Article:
Degree

Doctor of Philosophy (PhD)

Department

civil and environmental engineering

Document Type

Dissertation

Abstract

Researchers continue to seek numerous techniques for making the transportation sector more sustainable in terms of fuel consumption and greenhouse gas emissions. Among the most effective techniques is Eco-driving at signalized intersections. Eco-driving is a complex control problem where drivers approaching the intersections are guided, over a period of time, to optimize fuel consumption. Eco-driving control systems reduce fuel consumption by optimizing vehicle trajectories near signalized intersections based on information of the SpaT (Signal Phase and Timing). Developing Eco-driving applications for semi-actuated signals, unlike pre-timed, is more challenging due to variations in cycle length resulting from fluctuations in traffic demand. Reinforcement learning (RL) is a machine learning paradigm that mimics the human learning behavior where an agent attempts to solve a given control problem by interacting with the environment and developing an optimal policy. Unlike the methods implemented in previous studies for solving the Eco-driving problem, RL does not necessitate prior knowledge of the environment being learned and processed. Therefore, the aim of this study is twofold: (1) Develop a novel brute force Eco-driving algorithm (ECO-SEMI-Q) for CAV (Connected/Autonomous Vehicles) passing through semi-actuated signalized intersections; and (2) Develop a novel Deep Reinforcement Learning (DRL) Eco-driving algorithm for CAV passing through fixed-time signalized intersections.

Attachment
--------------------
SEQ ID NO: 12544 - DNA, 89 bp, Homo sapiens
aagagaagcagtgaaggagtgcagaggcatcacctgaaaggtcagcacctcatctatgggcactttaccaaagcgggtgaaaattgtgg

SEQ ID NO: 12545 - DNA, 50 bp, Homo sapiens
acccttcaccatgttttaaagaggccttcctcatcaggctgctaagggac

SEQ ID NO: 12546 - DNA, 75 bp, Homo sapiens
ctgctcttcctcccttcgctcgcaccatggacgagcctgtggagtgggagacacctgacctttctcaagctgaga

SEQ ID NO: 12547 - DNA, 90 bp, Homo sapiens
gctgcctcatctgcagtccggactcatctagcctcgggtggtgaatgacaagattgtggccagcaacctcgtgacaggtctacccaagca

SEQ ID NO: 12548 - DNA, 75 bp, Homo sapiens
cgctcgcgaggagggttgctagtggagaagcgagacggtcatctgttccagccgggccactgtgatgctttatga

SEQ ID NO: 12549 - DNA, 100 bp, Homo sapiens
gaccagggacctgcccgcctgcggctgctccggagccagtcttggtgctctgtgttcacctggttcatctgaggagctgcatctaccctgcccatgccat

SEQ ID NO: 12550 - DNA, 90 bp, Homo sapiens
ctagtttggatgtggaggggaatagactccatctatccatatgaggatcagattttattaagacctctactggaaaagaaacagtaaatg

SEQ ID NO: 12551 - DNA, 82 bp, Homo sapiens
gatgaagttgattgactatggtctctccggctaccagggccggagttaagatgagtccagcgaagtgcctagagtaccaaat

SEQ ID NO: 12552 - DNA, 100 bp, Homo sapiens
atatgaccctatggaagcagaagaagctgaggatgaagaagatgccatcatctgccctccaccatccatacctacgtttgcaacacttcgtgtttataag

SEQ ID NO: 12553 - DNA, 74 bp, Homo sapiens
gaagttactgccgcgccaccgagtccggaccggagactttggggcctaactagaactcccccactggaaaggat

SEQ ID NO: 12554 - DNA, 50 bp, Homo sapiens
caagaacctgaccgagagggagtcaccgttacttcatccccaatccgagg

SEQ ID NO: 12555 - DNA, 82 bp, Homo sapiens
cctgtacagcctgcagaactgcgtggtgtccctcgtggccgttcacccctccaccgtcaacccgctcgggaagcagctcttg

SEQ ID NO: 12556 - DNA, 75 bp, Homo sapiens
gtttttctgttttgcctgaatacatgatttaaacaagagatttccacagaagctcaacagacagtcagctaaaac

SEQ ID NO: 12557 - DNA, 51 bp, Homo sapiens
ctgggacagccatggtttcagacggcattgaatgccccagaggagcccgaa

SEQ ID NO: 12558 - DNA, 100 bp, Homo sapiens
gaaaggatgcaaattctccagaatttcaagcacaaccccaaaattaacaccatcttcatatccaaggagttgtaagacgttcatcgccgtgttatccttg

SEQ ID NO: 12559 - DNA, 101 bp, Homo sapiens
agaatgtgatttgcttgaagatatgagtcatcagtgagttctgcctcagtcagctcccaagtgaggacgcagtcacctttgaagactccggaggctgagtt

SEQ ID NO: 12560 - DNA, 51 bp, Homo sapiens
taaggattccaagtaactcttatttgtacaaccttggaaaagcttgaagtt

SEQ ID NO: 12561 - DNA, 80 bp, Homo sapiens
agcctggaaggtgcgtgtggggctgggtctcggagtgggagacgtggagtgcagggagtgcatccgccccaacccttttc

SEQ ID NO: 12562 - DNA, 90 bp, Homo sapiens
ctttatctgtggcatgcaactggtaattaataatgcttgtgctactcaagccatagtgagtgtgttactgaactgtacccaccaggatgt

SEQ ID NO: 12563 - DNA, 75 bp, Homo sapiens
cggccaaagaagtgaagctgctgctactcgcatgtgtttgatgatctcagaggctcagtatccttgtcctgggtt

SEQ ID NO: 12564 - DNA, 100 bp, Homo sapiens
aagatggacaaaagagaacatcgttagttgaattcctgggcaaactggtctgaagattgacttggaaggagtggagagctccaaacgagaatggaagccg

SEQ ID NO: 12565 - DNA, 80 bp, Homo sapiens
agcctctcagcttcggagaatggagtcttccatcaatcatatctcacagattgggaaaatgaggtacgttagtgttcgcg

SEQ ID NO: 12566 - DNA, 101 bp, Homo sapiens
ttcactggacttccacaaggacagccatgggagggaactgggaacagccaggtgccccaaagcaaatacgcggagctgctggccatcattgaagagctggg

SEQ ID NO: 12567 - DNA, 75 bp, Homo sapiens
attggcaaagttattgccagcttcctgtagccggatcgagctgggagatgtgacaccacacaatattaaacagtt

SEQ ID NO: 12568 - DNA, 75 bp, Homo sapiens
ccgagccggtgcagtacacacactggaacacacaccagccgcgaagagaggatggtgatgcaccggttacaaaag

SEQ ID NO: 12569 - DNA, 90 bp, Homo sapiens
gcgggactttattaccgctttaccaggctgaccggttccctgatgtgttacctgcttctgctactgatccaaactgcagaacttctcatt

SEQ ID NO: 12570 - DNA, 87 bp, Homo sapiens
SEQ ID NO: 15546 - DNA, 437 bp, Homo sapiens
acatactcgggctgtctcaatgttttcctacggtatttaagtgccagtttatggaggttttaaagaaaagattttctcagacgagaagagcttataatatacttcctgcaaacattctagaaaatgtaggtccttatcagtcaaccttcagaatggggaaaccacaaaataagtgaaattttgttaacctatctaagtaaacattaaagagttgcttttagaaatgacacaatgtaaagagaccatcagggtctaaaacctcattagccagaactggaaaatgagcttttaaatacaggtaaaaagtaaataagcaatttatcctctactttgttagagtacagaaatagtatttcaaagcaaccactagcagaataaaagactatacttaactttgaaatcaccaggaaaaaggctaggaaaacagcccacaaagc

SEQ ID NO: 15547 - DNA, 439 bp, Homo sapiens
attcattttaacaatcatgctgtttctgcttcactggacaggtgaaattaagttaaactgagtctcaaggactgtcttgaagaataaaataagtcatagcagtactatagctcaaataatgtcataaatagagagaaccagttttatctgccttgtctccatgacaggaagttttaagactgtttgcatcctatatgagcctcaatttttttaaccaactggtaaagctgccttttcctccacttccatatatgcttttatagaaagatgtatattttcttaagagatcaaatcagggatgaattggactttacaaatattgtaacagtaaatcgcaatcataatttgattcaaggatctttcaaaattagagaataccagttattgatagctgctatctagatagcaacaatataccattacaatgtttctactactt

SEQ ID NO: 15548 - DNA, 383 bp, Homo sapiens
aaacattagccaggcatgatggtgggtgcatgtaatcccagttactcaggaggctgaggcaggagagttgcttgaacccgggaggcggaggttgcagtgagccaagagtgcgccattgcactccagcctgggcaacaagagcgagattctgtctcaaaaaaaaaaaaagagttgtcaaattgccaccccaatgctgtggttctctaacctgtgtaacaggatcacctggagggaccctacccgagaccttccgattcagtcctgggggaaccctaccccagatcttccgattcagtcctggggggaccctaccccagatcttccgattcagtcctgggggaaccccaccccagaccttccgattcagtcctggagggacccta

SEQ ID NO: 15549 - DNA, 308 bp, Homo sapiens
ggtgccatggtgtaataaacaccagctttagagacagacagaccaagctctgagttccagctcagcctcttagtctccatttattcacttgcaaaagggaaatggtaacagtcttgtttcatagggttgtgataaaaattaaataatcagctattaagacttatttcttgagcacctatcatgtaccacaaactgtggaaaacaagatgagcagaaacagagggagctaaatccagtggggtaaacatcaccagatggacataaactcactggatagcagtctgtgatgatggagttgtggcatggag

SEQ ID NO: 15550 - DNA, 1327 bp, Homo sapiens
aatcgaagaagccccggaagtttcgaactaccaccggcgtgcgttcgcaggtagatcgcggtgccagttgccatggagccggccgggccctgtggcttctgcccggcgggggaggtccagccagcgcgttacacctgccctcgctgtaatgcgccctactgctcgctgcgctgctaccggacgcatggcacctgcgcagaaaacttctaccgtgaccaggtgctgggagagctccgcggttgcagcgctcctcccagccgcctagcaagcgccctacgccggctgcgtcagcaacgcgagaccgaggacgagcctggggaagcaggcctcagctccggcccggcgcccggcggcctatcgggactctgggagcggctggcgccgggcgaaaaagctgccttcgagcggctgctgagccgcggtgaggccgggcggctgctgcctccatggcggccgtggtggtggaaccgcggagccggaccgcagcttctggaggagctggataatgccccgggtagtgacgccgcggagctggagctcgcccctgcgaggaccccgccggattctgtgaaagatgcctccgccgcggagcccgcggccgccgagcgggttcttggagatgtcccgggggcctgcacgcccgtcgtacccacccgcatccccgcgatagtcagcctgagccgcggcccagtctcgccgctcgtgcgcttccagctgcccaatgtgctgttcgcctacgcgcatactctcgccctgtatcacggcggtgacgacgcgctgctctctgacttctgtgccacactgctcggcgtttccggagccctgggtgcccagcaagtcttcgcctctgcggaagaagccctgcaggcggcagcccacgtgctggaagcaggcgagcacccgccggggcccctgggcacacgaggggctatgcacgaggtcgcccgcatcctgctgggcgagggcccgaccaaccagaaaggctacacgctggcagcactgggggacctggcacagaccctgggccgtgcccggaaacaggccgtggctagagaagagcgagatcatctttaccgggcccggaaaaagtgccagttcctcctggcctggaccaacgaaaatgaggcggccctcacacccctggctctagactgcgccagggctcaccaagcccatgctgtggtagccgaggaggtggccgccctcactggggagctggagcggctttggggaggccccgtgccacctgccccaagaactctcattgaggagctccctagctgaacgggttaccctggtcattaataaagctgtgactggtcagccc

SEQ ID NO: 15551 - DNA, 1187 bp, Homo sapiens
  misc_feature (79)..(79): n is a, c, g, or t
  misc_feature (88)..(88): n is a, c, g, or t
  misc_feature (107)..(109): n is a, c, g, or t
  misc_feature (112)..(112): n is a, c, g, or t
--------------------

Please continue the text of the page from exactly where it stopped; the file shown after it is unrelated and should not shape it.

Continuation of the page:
The developed algorithms are tested at both microscopic and macroscopic levels. For the microscopic level, results indicate that the fuel consumption for vehicles controlled by the ECO-SEMI-Q and DRL models is 29.2% and 23% less than that for the case with no control, respectively. For the macroscopic level, a sensitivity analysis for the impact of MPR (Market Penetration Rate) shows that the savings in fuel consumption increase with higher MPR. Furthermore, when MPR is greater than 50%, the ECO-SEMI-Q algorithm provides appreciable savings in travel times. The sensitivity analysis indicates savings in the network fuel consumption when the MPR of the DRL algorithm is higher than 35%. At MPR less than 35%, the DRL algorithm has an adverse impact on fuel consumption due to aggressive lane change and passing maneuvers. These reductions in fuel consumption demonstrate the ability of the algorithms to provide more environmentally sustainable signalized intersections.

Date

10-16-2018

Committee Chair

Wilmot, Chester

Available for download on Tuesday, December 31, 2019

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